Never was it truer that pride comes before a fall. In this case, a great Olympian driven by an unquenchable spirit to take on the hardest challenge available to her in a completely different sport. Victoria Pendleton should ride at the Cheltenham Festival. But not this one.
The fall would come from a great height, at speed, on a track where the best National Hunt horses and jockeys gather for four unforgiving days. Though the Foxhunter Chase is for amateurs, it is no place for novices. And while Pendleton is hardly a stranger to high-speed crashes in her previous sport, a fall from a steeplechaser is a melee of hooves and limbs.
Fear is not the thing. Nor even danger. Nor trepidation on the part of punters who would rather not see a double Olympic gold medallist and nine-time world champion cyclist fired into the mud. The issue, as in all races, two-wheeled and equine, is pace.
Simply, Pendleton, 35, is moving too fast. She is rushing from point-to-points (a sort of non-league of jump racing) to the elite end of amateur riding, where many of her rivals will be accomplished horsemen and women who have seen the full gamut of gymkhanas, pony racing, work riding for racing yards and salutary experiences around gaff tracks.
They will have fallen off at Fakenham, been unseated at Uttoxeter and kicked in the ribs at Kelso. They will have been rollocked by trainers for going too soon and for leaving their run too late. Put it this way. The Telegraph’s racing correspondent, Marcus Armytage, won the Grand National as an amateur on Mr Frisk. To him riding was not a sudden fancy. It was a lifetime’s challenge.
Pendleton’s problem is that she is going straight in at the top. The Foxhunter Chase will sound to the uninitiated like a lark for gadabout country types squeezed into the show; but it requires a level of experience in race riding that Pendleton cannot hope to have. Experience of delivering a horse at a fence, sensing danger and generally managing the unpredictable creature carrying her up and down dale.
The whole problem with her commendable and fascinating switch of sports is that it has mutated into some kind of race against time. Can she be ready for Cheltenham? Can she learn quickly enough from her fall at Fakenham last Friday to justify a berth alongside the best of the trade? Well, how about giving her another year. What, exactly, is the hurry?
She sounds ready to wait, if necessary, but a wave of curiosity is carrying her too fast to a dangerous place. “If it’s not meant to be this year, it’s not meant to be,” she says. Yet she also runs the risk of retreating into a siege position, which would feed her determination but distort her thinking. “I always go by the one in five rule,” she says. “That is, one in five people will never like you but one in five may love you.”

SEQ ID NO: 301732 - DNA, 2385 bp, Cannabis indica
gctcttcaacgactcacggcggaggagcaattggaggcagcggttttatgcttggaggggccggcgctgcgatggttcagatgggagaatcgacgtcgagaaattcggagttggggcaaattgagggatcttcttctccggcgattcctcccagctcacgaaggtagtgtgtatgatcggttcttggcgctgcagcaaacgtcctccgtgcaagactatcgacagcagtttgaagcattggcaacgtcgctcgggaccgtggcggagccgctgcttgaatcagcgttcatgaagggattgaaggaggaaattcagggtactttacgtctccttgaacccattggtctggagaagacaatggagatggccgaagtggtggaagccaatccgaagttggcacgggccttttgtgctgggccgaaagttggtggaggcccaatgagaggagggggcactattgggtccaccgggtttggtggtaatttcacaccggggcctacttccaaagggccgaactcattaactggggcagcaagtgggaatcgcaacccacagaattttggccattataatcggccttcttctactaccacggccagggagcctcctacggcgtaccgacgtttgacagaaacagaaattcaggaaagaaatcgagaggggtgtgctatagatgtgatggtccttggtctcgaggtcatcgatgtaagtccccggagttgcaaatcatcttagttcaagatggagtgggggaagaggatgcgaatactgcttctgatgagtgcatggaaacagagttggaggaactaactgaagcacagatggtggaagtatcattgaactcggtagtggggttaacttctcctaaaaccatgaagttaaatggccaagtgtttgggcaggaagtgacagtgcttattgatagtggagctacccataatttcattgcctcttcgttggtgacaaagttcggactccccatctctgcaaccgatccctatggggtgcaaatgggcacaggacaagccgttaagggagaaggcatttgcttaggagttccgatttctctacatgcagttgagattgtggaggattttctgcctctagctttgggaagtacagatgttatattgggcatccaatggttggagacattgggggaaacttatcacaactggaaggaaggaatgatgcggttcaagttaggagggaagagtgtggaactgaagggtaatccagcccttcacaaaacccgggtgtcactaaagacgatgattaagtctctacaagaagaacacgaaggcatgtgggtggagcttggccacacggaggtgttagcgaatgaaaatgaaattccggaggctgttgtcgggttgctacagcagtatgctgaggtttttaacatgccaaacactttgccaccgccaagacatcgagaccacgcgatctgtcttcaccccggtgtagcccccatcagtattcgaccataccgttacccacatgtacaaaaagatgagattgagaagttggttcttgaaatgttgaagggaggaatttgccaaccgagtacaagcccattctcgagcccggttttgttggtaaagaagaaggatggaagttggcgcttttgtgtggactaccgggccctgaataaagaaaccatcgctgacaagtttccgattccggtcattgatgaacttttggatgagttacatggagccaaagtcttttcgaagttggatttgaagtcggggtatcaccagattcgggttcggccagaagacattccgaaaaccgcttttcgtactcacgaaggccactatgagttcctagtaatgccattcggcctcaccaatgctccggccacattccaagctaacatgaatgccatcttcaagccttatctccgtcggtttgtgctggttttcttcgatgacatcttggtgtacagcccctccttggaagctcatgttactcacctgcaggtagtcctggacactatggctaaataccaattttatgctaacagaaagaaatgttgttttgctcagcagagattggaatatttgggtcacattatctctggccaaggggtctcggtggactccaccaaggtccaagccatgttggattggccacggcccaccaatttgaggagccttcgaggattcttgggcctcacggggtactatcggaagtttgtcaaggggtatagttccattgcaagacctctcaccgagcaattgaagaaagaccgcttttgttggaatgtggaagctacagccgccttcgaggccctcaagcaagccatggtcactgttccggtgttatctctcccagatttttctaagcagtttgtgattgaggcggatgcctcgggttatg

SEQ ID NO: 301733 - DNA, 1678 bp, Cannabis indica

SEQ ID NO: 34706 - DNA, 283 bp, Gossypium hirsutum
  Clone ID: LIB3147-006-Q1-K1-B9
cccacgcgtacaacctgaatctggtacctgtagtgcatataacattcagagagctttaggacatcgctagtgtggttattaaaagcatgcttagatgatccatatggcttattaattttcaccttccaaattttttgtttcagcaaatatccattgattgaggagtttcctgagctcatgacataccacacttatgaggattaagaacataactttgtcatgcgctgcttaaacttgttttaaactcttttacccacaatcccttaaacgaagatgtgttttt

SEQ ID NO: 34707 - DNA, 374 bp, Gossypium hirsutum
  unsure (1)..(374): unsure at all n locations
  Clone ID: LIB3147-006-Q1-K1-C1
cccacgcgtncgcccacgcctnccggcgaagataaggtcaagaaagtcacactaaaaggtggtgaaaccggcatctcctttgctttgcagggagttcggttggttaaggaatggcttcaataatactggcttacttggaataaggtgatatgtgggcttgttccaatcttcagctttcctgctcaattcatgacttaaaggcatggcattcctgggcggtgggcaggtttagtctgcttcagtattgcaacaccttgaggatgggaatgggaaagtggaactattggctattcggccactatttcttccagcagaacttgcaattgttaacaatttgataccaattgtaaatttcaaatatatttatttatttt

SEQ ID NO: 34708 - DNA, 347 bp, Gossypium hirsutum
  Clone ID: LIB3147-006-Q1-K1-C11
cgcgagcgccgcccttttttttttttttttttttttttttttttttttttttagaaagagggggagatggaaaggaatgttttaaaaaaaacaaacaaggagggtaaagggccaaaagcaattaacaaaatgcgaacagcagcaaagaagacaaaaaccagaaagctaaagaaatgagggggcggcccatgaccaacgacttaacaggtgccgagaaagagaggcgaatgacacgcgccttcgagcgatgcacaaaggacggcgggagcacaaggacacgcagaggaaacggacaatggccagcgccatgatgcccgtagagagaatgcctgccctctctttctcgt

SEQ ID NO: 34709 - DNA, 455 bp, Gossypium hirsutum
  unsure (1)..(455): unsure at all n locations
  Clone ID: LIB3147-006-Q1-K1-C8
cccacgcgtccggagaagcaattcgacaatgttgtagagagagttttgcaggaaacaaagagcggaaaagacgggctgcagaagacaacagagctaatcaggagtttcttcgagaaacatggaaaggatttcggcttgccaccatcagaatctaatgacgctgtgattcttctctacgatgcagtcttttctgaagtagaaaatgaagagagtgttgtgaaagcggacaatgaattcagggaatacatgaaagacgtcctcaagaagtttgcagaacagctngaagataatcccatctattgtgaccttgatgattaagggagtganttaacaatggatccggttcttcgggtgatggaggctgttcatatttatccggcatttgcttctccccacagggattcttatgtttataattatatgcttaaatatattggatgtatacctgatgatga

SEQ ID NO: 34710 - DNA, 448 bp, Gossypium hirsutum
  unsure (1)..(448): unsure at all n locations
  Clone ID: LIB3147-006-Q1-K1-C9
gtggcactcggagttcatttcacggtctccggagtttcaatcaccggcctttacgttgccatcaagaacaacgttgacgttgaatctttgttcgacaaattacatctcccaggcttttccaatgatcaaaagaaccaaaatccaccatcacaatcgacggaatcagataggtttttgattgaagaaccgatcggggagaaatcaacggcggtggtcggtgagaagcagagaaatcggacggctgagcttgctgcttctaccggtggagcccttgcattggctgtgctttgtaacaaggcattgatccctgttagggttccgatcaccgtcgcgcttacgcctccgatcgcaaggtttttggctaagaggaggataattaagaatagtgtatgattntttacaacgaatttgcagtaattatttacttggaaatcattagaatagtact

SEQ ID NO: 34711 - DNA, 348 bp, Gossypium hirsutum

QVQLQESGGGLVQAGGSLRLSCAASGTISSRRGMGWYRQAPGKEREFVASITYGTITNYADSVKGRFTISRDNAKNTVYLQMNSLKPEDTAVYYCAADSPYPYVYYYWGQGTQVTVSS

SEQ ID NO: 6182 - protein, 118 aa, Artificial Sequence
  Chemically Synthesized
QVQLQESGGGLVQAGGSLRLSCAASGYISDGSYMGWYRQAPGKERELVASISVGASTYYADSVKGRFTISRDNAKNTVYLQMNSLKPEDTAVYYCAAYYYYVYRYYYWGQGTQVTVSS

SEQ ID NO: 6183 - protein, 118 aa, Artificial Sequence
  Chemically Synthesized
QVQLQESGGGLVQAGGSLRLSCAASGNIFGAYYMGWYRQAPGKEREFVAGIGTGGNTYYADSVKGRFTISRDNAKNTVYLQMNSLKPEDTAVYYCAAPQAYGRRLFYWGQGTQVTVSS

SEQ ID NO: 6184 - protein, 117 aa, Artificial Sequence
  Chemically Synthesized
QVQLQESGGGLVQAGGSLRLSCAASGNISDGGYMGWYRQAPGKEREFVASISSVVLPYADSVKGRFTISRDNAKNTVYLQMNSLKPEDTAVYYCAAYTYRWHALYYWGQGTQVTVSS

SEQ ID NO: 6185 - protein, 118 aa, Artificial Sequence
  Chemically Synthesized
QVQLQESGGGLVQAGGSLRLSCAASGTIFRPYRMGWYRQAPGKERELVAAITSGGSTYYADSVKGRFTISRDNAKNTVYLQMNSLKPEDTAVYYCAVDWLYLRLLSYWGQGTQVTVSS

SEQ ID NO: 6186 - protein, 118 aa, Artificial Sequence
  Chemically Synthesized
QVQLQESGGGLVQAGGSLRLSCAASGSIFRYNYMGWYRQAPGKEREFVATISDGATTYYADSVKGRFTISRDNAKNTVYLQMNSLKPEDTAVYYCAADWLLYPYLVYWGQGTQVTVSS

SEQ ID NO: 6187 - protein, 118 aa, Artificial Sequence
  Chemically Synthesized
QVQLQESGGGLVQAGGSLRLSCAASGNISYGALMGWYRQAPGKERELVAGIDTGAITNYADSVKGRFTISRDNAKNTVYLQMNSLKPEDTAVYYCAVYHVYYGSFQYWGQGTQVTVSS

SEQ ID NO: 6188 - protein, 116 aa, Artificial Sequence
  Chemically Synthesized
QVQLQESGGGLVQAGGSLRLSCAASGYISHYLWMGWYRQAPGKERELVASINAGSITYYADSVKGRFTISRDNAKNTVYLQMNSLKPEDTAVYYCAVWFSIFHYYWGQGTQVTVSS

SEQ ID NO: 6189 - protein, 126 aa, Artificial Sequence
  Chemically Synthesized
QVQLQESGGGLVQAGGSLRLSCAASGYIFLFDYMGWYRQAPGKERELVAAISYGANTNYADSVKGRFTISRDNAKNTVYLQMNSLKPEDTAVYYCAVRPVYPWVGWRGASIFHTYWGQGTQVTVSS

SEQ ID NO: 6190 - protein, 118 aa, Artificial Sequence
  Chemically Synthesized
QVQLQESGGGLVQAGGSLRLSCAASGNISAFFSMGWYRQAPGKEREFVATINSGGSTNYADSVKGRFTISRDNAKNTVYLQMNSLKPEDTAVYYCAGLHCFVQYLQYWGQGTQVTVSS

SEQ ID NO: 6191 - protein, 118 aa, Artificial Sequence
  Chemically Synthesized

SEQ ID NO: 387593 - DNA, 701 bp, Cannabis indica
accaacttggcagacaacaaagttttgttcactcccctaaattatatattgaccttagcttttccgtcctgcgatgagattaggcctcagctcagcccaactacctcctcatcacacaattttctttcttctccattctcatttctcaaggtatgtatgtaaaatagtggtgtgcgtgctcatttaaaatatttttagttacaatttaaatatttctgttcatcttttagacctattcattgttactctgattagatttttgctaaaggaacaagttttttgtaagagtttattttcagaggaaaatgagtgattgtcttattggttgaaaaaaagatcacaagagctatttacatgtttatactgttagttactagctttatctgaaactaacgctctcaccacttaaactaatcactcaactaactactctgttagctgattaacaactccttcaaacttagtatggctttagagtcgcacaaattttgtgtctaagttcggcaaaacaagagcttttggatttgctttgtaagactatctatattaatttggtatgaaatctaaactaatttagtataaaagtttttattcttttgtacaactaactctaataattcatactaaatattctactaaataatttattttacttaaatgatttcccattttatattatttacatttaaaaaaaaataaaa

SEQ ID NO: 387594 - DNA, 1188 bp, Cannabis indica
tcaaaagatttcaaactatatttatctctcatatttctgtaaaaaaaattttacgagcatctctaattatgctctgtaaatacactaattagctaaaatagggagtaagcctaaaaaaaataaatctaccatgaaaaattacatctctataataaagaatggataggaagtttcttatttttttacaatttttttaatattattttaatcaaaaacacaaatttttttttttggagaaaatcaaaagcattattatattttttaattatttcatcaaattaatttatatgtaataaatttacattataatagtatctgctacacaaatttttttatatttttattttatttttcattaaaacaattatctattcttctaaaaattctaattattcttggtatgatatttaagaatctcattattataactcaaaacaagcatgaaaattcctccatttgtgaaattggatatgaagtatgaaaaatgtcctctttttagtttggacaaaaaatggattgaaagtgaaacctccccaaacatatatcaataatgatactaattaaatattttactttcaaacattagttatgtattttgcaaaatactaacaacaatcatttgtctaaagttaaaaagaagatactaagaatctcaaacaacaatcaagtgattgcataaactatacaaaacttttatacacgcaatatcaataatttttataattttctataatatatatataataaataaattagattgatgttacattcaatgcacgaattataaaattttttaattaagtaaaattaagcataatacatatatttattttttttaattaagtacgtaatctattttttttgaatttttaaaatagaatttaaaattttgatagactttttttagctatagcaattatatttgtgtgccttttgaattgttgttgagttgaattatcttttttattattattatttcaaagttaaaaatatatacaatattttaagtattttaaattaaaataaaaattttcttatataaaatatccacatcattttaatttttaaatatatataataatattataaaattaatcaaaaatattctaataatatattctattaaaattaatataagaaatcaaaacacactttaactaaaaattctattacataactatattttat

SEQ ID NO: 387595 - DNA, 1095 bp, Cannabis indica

This is the Olympian in her speaking. The gold medallist. The competitor. But “likes” and “loves” have nothing to do with it. Only a troll would want her to fail. The aim, surely, is to accord National Hunt racing the proper respect by acknowledging how hard it is and step back from the racing-against-the-clock element of her development.
Already she is a wonderful advert for jump jockeys. She is showing how much practice and perseverance it takes to convert recreational riding into piloting round Cheltenham. Or even Fakenham, where she was bumped out of the saddle, prompting the most graceful of all National Hunt riders, John Francome, to say: “She wants saving from herself. I’ve never met her, she seems a lovely girl but she can’t ride and she’s an accident waiting to happen. She could have fallen off at any fence. It’s not just about Cheltenham, she could come off on a Sunday afternoon at a point to point. She wants stopping before she hurts herself.”
Leaving aside the “lovely girl” bit, which bears no relevance, Francome was expressing a common view, not as a dismissal of her potential but an assessment of where she is now. Steve Smith Eccles, another legend and now a riding coach, said she was “too loose in the saddle.”
Switching sports is no lifestyle choice, as anyone who saw Freddie Flintoff try to box will testify. Many years ago the job took me to Birmingham, Alabama, to watch Michael Jordan play for a minor league baseball side as part of his preparation for the major leagues. Straight away the senses registered the incongruities. Jordan, the all-time greatest basketball star, looked all wrong in his new vocation. He had wandered into the wrong movie. Soon he was back at the hoops.
There are exceptions: Sonny Bill Williams in rugby union, rugby league and boxing, Rebecca Romero in rowing, cycling and triathlon. But Pendleton is making a grander leap, from a two-wheeled machine to half a ton of horse with huge obstacles to jump. So she is entitled to see this as a long-term mission, not a publicity exercise or a mad dash with excitable sponsors in tow.
The hope is that one day she will sail round Cheltenham; clear every fence and hear the crowd’s roar rebound off Cleeve Hill on some sunny spring afternoon. To postpone that dream is only to make it more feasible.
Original Article by Paul Hayward and published in the Daily Telegraph - http://www.telegraph.co.uk